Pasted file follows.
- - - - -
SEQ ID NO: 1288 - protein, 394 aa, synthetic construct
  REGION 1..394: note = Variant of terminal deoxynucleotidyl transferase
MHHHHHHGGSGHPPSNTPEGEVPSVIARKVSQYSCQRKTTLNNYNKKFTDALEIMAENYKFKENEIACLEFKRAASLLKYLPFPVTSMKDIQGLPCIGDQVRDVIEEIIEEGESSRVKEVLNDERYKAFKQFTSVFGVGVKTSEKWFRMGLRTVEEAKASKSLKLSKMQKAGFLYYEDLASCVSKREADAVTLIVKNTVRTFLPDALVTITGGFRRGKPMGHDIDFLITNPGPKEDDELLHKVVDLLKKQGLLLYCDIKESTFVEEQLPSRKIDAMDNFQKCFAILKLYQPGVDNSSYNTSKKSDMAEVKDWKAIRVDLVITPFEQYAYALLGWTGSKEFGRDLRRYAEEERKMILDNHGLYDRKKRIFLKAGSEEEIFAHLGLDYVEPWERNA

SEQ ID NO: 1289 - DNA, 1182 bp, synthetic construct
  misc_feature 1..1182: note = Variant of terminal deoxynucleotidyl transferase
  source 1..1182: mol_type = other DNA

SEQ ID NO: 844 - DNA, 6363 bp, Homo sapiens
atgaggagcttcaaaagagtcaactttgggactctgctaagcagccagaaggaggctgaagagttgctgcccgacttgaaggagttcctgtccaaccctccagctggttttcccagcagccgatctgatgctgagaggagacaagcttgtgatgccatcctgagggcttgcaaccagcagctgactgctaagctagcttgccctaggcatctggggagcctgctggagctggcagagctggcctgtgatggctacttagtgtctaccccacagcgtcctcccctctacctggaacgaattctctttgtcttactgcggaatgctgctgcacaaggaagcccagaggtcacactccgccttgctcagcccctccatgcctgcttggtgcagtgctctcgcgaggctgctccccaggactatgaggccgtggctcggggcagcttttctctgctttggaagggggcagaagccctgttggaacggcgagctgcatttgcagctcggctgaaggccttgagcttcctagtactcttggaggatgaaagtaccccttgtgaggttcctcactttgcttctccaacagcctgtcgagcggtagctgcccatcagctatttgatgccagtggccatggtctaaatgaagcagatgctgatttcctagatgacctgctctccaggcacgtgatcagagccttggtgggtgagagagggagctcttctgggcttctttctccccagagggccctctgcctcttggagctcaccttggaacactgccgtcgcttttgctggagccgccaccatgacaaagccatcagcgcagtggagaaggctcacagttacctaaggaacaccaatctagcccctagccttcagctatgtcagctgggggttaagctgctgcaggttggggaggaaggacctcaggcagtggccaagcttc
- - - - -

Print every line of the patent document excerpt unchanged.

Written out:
SEQ ID NO: 1288 - protein, 394 aa, synthetic construct
  REGION 1..394: note = Variant of terminal deoxynucleotidyl transferase
MHHHHHHGGSGHPPSNTPEGEVPSVIARKVSQYSCQRKTTLNNYNKKFTDALEIMAENYKFKENEIACLEFKRAASLLKYLPFPVTSMKDIQGLPCIGDQVRDVIEEIIEEGESSRVKEVLNDERYKAFKQFTSVFGVGVKTSEKWFRMGLRTVEEAKASKSLKLSKMQKAGFLYYEDLASCVSKREADAVTLIVKNTVRTFLPDALVTITGGFRRGKPMGHDIDFLITNPGPKEDDELLHKVVDLLKKQGLLLYCDIKESTFVEEQLPSRKIDAMDNFQKCFAILKLYQPGVDNSSYNTSKKSDMAEVKDWKAIRVDLVITPFEQYAYALLGWTGSKEFGRDLRRYAEEERKMILDNHGLYDRKKRIFLKAGSEEEIFAHLGLDYVEPWERNA

SEQ ID NO: 1289 - DNA, 1182 bp, synthetic construct
  misc_feature 1..1182: note = Variant of terminal deoxynucleotidyl transferase
  source 1..1182: mol_type = other DNA

SEQ ID NO: 844 - DNA, 6363 bp, Homo sapiens
atgaggagcttcaaaagagtcaactttgggactctgctaagcagccagaaggaggctgaagagttgctgcccgacttgaaggagttcctgtccaaccctccagctggttttcccagcagccgatctgatgctgagaggagacaagcttgtgatgccatcctgagggcttgcaaccagcagctgactgctaagctagcttgccctaggcatctggggagcctgctggagctggcagagctggcctgtgatggctacttagtgtctaccccacagcgtcctcccctctacctggaacgaattctctttgtcttactgcggaatgctgctgcacaaggaagcccagaggtcacactccgccttgctcagcccctccatgcctgcttggtgcagtgctctcgcgaggctgctccccaggactatgaggccgtggctcggggcagcttttctctgctttggaagggggcagaagccctgttggaacggcgagctgcatttgcagctcggctgaaggccttgagcttcctagtactcttggaggatgaaagtaccccttgtgaggttcctcactttgcttctccaacagcctgtcgagcggtagctgcccatcagctatttgatgccagtggccatggtctaaatgaagcagatgctgatttcctagatgacctgctctccaggcacgtgatcagagccttggtgggtgagagagggagctcttctgggcttctttctccccagagggccctctgcctcttggagctcaccttggaacactgccgtcgcttttgctggagccgccaccatgacaaagccatcagcgcagtggagaaggctcacagttacctaaggaacaccaatctagcccctagccttcagctatgtcagctgggggttaagctgctgcaggttggggaggaaggacctcaggcagtggccaagcttc